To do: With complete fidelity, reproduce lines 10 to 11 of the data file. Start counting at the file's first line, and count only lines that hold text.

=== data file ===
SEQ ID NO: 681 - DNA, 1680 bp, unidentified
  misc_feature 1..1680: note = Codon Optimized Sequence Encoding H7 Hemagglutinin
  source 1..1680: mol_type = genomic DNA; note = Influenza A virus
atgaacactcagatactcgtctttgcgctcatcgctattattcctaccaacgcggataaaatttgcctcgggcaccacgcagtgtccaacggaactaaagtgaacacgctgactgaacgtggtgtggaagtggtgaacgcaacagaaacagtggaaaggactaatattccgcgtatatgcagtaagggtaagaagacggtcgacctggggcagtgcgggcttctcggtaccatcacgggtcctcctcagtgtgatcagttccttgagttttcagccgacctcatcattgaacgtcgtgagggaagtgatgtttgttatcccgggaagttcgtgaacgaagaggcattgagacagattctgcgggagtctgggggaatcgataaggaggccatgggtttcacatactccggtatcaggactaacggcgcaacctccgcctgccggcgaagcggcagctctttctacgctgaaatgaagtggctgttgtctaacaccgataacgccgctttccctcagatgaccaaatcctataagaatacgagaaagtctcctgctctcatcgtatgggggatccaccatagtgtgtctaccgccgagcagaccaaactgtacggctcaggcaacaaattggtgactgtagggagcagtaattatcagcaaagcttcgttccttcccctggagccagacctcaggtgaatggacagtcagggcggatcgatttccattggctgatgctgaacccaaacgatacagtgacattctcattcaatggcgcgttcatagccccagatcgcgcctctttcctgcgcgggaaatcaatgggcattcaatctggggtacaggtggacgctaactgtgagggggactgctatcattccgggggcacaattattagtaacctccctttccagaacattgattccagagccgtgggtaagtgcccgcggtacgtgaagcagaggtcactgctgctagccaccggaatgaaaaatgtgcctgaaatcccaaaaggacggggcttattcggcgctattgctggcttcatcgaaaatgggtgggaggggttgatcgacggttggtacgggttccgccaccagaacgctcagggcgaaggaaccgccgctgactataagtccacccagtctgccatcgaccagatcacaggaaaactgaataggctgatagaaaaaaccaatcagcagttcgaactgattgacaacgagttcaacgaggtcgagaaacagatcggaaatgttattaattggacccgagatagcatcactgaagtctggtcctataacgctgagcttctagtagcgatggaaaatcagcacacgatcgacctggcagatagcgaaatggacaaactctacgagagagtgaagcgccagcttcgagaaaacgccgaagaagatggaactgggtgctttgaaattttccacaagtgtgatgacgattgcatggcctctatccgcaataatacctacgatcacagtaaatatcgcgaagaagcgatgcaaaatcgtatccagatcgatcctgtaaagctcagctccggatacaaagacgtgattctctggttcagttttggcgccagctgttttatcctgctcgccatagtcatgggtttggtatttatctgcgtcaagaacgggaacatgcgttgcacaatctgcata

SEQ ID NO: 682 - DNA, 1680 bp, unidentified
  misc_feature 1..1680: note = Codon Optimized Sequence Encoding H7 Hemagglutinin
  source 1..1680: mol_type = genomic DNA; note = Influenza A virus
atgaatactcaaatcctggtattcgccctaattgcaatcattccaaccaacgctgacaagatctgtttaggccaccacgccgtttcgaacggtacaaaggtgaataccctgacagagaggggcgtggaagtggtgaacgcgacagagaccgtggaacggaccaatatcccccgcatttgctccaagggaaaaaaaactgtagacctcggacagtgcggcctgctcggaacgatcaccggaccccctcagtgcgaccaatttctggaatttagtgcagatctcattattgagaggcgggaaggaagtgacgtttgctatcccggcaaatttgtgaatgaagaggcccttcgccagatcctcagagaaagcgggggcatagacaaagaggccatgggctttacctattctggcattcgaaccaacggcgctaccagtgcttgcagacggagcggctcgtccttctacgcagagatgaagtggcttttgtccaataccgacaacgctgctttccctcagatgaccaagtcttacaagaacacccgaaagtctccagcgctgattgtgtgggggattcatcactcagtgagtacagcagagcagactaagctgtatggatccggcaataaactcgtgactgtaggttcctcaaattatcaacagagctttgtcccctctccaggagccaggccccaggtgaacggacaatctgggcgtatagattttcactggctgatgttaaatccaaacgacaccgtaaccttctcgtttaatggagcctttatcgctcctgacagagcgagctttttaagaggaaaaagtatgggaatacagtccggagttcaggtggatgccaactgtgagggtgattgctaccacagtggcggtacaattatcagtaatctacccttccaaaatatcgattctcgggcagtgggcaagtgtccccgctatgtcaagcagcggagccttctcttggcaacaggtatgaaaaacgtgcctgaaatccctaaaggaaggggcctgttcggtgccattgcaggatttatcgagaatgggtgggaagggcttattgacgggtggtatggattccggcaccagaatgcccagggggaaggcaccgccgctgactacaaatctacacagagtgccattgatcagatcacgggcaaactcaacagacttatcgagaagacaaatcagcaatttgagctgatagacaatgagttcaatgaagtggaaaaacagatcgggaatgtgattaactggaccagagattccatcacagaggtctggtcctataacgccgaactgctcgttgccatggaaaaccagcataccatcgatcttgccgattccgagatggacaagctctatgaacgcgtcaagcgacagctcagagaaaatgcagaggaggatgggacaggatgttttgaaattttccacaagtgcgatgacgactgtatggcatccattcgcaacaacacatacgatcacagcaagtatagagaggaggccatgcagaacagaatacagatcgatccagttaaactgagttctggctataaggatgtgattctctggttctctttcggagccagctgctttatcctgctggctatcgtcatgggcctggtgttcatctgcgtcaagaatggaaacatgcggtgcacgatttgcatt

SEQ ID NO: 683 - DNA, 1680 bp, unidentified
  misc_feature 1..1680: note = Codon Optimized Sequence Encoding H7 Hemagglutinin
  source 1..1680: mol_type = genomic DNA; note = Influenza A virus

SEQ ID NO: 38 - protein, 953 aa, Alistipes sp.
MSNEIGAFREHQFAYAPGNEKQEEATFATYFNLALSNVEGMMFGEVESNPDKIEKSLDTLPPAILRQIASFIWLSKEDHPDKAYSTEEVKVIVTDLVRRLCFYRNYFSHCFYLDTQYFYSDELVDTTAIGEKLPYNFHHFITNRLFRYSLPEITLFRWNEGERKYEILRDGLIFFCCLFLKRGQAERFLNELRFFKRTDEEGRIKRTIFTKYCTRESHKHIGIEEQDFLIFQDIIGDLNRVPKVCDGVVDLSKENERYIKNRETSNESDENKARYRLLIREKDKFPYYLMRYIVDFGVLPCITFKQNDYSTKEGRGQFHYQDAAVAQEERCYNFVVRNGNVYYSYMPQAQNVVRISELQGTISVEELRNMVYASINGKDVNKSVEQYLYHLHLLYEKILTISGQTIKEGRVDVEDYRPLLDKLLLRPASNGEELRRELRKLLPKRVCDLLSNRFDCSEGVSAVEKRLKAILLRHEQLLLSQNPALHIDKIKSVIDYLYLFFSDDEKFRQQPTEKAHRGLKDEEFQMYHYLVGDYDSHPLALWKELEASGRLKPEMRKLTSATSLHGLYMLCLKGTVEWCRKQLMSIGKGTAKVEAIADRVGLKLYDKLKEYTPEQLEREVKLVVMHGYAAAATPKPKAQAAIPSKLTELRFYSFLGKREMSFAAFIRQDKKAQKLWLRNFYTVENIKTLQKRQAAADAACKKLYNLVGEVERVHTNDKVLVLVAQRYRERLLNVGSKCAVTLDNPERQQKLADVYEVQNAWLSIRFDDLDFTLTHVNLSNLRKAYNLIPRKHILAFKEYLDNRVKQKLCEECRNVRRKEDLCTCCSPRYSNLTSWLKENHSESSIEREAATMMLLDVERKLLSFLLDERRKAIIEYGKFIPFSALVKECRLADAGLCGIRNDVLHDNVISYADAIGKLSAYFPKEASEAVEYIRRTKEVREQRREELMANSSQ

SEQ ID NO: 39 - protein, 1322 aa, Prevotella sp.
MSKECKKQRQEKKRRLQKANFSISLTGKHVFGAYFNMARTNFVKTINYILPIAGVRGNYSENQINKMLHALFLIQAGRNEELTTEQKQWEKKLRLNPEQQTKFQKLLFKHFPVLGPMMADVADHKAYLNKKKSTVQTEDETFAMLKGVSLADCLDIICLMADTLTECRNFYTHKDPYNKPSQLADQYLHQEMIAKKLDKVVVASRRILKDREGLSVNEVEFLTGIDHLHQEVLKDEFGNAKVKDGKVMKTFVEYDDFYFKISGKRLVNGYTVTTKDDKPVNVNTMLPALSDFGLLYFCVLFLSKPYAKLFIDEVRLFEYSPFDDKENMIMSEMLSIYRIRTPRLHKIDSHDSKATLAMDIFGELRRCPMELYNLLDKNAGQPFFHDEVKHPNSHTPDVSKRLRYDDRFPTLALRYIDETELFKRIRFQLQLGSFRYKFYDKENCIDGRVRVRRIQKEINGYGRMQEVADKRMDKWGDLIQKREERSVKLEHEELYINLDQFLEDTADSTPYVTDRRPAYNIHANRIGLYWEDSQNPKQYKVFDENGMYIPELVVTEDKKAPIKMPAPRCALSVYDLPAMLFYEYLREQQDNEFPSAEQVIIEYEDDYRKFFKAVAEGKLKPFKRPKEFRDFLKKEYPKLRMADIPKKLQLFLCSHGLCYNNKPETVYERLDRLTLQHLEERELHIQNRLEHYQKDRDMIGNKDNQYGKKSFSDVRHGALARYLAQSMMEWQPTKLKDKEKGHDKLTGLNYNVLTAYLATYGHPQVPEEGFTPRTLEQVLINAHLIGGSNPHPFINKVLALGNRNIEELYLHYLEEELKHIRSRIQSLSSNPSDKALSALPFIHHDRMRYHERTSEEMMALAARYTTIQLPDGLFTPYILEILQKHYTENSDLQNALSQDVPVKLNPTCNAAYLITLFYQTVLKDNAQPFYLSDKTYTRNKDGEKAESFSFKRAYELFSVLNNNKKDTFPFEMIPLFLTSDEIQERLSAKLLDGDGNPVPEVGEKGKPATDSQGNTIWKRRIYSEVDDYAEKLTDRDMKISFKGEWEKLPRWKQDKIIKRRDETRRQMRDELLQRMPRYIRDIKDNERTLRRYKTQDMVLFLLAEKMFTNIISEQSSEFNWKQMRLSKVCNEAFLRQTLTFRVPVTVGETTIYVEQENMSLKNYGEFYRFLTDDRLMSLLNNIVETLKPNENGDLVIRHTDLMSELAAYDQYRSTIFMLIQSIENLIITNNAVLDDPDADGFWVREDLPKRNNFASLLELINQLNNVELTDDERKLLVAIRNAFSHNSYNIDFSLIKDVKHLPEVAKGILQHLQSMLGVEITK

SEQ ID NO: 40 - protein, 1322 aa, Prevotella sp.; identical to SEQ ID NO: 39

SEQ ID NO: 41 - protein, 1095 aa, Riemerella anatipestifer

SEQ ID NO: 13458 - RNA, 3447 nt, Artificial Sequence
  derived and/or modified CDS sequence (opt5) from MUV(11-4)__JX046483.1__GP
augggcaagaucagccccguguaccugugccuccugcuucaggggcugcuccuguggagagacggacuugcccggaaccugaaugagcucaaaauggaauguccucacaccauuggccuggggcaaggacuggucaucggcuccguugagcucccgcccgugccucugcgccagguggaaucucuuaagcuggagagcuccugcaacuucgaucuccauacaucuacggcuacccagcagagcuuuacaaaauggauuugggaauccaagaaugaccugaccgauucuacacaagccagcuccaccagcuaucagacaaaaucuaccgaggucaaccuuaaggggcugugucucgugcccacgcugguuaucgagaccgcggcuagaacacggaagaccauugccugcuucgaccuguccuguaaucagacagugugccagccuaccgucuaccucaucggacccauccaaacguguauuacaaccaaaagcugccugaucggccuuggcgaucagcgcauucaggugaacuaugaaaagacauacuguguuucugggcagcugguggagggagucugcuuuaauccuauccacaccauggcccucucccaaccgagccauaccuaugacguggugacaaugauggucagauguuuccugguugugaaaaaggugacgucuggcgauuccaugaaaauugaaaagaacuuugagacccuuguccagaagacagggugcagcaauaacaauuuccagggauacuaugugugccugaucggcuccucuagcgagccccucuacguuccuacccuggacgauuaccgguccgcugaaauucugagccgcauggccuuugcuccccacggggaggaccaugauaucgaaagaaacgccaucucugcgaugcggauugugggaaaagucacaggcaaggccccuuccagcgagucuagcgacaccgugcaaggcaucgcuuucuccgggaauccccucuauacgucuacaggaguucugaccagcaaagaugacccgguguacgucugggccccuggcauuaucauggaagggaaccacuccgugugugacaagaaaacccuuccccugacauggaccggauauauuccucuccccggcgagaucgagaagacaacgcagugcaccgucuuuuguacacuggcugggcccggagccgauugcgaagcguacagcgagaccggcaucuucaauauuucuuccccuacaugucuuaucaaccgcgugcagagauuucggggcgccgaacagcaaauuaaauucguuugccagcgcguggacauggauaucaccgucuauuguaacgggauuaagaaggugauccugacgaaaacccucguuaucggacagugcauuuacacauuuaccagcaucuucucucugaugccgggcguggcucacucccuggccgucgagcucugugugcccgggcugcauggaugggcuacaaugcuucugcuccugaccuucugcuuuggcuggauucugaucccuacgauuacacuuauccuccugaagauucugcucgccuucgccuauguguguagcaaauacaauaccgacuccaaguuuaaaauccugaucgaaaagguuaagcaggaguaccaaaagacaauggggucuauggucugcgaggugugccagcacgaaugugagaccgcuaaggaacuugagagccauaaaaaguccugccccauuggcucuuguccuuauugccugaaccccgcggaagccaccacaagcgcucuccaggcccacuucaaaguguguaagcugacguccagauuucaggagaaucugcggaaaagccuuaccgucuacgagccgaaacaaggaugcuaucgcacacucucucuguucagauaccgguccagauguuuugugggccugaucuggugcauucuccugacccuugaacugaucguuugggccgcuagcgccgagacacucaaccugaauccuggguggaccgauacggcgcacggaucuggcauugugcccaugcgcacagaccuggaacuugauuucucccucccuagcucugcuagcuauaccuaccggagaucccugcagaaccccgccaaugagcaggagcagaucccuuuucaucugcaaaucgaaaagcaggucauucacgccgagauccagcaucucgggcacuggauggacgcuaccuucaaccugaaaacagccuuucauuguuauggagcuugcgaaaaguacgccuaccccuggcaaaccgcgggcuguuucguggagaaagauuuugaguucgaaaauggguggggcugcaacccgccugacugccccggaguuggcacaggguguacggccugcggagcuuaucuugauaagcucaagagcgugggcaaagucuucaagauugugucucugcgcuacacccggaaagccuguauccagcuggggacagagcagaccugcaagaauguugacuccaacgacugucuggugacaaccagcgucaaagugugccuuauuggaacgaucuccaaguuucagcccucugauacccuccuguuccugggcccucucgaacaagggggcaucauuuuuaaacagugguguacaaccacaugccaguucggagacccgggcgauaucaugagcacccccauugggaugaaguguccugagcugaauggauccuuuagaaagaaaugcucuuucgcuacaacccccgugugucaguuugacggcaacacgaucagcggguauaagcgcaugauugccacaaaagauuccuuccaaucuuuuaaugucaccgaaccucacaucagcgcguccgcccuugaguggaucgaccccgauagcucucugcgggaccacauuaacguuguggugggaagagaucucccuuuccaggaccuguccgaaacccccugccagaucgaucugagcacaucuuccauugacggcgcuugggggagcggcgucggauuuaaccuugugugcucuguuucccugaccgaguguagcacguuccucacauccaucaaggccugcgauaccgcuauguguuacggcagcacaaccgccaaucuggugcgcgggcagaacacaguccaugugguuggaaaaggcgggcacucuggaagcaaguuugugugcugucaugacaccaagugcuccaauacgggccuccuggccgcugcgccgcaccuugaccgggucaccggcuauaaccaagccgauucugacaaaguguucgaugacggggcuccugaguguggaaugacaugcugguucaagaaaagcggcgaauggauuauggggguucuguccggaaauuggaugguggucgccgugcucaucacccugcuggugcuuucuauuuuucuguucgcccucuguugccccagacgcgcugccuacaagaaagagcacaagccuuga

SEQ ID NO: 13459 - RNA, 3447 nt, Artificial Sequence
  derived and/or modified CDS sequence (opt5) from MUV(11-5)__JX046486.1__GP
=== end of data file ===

  misc_feature 1..1680: note = Codon Optimized Sequence Encoding H7 Hemagglutinin
  source 1..1680: mol_type = genomic DNA; note = Influenza A virus